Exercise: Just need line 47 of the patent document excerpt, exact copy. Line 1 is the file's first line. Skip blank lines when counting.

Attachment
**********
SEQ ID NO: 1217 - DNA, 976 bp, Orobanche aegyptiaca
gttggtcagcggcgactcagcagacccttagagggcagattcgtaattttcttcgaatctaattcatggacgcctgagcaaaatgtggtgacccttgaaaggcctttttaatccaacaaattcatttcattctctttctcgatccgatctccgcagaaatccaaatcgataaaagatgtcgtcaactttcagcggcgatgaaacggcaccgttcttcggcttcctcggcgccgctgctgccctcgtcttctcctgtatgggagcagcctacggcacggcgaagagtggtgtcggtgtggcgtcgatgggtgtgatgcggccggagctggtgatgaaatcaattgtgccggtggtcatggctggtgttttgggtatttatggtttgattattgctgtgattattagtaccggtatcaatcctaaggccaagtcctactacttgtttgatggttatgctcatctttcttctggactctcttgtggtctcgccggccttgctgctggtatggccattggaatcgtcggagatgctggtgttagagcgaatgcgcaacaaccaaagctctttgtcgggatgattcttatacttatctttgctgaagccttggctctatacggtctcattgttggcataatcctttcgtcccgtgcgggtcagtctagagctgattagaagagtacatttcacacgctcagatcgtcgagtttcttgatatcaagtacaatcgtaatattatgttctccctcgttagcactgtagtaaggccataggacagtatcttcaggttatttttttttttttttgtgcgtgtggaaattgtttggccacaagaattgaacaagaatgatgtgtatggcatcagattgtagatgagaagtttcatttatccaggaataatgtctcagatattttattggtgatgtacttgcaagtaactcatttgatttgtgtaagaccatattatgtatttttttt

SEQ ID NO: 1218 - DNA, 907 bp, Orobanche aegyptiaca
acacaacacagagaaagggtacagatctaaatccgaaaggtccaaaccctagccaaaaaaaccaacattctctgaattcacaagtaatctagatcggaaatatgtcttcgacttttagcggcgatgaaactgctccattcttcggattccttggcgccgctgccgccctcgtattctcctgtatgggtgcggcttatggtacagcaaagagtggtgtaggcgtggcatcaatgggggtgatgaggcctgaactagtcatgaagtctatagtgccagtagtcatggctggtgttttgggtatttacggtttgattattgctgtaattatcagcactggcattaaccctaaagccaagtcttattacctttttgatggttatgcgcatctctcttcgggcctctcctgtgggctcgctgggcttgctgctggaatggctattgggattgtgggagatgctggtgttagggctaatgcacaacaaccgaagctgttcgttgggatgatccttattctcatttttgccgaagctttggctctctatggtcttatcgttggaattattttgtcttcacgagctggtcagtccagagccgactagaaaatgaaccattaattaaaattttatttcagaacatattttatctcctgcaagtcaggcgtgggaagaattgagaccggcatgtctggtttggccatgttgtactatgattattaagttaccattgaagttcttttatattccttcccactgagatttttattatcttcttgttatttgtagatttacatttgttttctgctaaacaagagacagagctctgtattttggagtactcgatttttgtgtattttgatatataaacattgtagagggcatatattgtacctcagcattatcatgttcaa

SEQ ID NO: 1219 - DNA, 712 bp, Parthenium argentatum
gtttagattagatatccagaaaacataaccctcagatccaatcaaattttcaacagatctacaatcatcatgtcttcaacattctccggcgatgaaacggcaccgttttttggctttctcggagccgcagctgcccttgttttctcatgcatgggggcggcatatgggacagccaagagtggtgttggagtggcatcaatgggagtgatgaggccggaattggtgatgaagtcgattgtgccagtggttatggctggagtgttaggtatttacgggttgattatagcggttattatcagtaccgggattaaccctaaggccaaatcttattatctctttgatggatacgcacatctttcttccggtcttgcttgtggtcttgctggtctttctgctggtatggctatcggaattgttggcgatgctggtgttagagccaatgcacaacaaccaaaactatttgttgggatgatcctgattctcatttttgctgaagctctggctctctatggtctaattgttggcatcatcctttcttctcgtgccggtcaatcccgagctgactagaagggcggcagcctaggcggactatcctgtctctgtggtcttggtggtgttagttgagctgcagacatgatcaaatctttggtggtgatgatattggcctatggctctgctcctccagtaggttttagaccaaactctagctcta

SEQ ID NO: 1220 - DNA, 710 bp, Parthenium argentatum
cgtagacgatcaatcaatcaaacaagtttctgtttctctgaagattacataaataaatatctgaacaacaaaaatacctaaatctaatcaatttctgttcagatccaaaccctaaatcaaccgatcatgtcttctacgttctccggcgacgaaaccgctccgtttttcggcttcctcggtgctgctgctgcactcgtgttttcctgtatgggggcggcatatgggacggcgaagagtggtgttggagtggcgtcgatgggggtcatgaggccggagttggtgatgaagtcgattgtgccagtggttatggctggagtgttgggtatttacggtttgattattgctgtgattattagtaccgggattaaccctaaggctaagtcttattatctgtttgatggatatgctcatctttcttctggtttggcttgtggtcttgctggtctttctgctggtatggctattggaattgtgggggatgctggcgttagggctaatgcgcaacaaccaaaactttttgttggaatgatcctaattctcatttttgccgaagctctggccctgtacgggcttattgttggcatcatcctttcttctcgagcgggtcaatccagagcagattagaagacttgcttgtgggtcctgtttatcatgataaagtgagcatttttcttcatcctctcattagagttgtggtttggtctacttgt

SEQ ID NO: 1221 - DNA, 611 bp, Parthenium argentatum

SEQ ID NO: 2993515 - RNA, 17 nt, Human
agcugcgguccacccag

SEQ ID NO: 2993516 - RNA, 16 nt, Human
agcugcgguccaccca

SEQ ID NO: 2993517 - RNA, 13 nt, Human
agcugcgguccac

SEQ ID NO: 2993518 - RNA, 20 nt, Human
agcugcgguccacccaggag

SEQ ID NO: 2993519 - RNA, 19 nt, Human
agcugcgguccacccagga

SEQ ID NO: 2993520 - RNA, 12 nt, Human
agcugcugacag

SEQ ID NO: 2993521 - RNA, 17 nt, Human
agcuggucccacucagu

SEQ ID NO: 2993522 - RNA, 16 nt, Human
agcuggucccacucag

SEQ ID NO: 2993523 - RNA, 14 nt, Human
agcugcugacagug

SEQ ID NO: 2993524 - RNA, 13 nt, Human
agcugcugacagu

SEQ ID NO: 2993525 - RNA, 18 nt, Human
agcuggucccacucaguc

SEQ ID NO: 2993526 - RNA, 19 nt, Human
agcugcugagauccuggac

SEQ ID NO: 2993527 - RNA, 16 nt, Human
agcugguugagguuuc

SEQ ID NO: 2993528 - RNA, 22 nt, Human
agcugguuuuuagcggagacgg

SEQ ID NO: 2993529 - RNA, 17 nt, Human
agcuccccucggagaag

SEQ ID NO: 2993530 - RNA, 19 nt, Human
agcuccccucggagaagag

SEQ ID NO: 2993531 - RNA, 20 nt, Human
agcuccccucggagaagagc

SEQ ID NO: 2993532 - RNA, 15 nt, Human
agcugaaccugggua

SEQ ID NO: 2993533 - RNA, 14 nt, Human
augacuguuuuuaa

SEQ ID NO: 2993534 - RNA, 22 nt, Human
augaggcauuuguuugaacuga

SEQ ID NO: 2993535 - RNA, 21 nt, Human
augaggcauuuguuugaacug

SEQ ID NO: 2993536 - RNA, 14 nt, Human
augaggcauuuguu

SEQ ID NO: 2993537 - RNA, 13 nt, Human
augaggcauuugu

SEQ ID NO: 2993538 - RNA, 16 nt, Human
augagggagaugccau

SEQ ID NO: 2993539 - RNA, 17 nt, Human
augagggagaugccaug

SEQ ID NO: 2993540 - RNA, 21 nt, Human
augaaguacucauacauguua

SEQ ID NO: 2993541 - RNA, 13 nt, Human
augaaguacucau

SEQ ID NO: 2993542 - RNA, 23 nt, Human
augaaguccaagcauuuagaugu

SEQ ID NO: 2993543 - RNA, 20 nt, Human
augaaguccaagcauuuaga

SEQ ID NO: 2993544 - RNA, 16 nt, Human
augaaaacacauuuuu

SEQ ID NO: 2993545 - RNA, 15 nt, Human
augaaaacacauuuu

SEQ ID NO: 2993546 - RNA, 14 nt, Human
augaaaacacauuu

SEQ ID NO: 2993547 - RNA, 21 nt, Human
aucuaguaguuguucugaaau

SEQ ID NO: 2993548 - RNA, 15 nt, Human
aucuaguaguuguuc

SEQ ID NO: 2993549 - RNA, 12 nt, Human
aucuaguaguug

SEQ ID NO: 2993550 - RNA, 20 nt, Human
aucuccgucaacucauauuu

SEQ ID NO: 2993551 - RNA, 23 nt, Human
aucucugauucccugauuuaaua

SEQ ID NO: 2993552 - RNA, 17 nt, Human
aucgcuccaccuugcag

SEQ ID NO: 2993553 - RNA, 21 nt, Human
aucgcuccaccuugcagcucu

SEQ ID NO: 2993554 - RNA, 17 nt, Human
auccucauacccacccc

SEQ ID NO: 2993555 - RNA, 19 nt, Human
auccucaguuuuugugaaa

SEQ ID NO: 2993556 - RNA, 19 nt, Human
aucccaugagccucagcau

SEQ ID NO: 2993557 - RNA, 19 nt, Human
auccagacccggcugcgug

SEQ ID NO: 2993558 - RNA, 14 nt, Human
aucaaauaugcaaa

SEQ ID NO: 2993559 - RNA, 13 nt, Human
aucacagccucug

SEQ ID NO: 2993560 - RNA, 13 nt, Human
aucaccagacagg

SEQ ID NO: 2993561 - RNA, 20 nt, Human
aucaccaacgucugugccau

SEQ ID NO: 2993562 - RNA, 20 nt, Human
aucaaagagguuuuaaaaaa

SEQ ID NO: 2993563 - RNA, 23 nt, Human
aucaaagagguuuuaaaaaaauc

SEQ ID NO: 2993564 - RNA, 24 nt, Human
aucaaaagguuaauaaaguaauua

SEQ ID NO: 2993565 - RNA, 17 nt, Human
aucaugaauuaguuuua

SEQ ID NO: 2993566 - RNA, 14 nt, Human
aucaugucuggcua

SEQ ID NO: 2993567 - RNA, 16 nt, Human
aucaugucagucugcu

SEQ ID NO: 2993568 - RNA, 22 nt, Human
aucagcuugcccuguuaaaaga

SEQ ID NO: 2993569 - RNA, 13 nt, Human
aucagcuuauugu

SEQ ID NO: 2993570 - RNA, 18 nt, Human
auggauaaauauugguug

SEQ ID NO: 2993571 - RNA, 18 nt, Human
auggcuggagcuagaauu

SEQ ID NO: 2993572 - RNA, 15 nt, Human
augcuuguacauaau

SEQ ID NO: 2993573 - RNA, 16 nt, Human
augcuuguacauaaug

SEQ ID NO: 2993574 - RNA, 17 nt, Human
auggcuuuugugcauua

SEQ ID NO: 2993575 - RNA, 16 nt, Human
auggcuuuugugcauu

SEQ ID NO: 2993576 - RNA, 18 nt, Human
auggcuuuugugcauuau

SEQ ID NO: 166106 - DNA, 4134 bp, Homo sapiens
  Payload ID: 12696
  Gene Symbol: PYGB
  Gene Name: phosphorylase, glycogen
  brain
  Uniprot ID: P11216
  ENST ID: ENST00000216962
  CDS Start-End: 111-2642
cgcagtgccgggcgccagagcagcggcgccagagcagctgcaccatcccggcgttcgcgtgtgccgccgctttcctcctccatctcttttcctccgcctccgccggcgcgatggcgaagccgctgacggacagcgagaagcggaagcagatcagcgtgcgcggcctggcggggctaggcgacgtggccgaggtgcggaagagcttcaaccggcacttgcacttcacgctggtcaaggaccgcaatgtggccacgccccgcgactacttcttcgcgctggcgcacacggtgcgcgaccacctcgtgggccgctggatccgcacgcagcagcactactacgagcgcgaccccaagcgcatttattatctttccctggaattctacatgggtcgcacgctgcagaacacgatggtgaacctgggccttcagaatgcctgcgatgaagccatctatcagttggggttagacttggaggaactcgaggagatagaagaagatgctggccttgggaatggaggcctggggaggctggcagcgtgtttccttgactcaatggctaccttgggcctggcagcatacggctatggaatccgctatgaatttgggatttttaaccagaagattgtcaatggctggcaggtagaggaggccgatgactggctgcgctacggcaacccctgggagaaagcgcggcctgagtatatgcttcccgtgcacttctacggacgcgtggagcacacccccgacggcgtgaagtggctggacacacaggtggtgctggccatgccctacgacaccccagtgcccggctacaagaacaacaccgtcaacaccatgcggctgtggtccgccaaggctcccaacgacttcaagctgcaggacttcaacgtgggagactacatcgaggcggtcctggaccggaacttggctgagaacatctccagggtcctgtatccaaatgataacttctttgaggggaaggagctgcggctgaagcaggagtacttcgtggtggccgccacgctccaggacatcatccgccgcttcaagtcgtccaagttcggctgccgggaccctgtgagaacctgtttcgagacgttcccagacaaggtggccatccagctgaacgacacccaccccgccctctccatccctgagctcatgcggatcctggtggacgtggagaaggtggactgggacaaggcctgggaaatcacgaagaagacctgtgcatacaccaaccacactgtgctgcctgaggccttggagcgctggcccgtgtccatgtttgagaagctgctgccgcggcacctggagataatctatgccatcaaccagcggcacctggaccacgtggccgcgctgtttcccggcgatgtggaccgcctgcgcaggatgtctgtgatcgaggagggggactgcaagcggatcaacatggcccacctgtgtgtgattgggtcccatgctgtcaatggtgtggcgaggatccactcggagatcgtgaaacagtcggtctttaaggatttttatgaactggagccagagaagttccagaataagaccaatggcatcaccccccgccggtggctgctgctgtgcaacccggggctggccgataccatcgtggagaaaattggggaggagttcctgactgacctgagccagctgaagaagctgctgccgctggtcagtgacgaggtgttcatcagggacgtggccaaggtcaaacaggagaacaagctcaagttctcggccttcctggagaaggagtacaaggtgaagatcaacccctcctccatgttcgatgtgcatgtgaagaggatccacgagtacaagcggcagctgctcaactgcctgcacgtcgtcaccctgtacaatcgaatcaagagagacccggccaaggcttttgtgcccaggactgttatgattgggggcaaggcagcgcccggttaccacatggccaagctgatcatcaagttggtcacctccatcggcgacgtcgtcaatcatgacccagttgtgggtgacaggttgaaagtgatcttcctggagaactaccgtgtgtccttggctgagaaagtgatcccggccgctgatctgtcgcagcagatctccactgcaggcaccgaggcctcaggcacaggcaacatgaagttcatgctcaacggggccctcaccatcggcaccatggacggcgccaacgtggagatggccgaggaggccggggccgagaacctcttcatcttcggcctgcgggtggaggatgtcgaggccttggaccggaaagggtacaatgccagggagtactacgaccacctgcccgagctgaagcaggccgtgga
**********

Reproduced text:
augacuguuuuuaa